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William Muraskin

12 The power of individuals and the dependency of nations in global eradication and immunisation campaigns William Muraskin At one time historians emphasised the ‘Great Man in History’ concept. That idea was later pushed aside by the realisation that larger, more important forces were at work. The individual's importance shrank as the role of massively expanded governments, multi

in The politics of vaccination
Open Access (free)
Coreen Anne McGuire

create the “problem” of the disabled body’. 13 Davis’s work highlights what has become an important part of disability history. That is, acknowledgement of the fact that the construction of normalcy and deviance from normalcy (disability) is dependent on the time, place and context in which the judgement is made. Although this book takes a similar theoretical stance to Davis, it differs in its focus on the interwar years in Britain and in its critical emphasis on measurement technologies. While Davis drew attention to the power of statistics, I extend his argument to

in Measuring difference, numbering normal
Open Access (free)
Coreen Anne McGuire

obfuscates domain assumptions and leaves cultural values and practices of power unexamined’. 45 Similarly, researchers such as Safiya Noble and Anna Hoffman have recently drawn attention to issues of fairness within algorithmic systems, demonstrating that technologies, like, for example, search engines, can work to architect and perpetuate structural biases. 46 Prejudices, cultures, biases and decisions are thus invisibly embedded in digital products through the categorisation of big data. As well as reflecting inequalities in society, these processes can work to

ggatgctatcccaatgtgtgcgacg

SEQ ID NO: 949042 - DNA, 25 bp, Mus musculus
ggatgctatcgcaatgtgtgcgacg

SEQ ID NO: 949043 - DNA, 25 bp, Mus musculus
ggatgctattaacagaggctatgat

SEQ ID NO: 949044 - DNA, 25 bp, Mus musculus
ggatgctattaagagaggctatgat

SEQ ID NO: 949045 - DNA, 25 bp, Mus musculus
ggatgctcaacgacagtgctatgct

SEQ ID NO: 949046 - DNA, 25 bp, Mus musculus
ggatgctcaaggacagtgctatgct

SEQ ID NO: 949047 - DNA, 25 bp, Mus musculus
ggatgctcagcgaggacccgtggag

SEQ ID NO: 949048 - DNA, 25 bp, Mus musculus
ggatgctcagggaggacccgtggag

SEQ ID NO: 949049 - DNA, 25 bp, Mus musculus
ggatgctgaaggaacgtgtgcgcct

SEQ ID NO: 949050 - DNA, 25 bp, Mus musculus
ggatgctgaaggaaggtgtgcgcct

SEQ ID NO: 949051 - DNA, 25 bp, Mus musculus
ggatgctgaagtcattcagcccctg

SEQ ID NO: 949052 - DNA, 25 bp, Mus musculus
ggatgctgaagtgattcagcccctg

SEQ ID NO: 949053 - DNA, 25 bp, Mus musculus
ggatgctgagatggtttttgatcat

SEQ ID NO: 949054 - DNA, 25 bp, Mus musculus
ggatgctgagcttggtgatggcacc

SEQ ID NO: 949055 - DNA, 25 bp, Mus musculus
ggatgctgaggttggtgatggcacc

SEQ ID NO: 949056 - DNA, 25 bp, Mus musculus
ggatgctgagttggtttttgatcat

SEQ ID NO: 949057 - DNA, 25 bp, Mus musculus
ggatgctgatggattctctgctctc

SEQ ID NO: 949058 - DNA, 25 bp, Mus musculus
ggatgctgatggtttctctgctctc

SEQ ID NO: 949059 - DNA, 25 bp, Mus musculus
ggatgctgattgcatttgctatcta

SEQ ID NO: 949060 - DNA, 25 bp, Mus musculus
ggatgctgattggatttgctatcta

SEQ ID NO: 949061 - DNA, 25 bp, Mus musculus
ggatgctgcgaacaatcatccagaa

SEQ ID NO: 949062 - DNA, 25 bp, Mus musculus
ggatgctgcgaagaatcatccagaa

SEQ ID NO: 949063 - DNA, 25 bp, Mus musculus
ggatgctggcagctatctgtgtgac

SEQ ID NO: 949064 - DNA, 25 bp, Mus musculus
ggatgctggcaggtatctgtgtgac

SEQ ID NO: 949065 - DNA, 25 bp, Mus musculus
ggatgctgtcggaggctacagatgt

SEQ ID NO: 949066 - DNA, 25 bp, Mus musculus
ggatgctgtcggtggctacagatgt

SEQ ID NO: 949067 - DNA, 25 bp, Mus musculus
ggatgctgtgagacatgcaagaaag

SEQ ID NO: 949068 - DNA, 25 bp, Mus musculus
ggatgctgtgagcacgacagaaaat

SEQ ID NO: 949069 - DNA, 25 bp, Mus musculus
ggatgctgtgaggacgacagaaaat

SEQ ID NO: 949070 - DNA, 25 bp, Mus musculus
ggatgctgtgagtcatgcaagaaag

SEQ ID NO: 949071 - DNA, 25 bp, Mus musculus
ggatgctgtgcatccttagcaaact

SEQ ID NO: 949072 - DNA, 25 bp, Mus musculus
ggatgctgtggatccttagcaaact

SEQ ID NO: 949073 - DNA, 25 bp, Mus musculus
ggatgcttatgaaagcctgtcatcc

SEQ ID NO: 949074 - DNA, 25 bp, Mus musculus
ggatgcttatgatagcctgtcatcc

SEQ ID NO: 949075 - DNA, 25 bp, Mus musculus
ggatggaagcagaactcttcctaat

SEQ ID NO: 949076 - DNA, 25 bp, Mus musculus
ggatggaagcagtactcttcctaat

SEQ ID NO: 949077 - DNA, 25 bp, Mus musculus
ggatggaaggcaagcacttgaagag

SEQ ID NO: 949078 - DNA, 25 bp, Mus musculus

in Measuring difference, numbering normal
Coreen Anne McGuire

reasonably hypothesized to affect cardiovascular health’. 9 It is this position that the people living with heart disease overwhelmingly expressed in Shim’s interviews. That is, they ‘understood gender relations as relations of power and experienced their manifestations as embodied sources of distress, grief, regret, and anger that they explicitly constructed as significant risks to their cardiovascular health’. 10 Such power relations intersected with race and class to produce chronic, structural oppressions and stresses that extracted a corporeal cost to health. 11

in Measuring difference, numbering normal
Coreen Anne McGuire

of electric therapy. In both cases, there was initial optimism and a sense of harnessing the power of nature to heal, as well as conflict around how to quantify sensorial knowledge. 25 Historian Vanessa Heggie has argued that there have been long historical tensions around bodily knowledge versus laboratory knowledge in the design of artificial respiration. For example, she has shown that by the middle of the twentieth century, physiological ‘facts’ related to technologies of artificial respiration used in mountaineering could not be created in laboratories and

in Measuring difference, numbering normal
Coreen Anne McGuire

associated with. The suspicion attached to deafness in the interwar years was compounded by its invisibility, alongside the fact that there is no known objective test by which hearing power or its absence can be measured. With the blind the statement of the person under examination can be subjected to corroboration by instrumental tests in which he has no say; but the deaf subject must be left to give his answers unchecked, even when the watch or whisper tests, or the use of graded tuning-forks are employed. In fact the only way to detect the malingerer is by the

in Measuring difference, numbering normal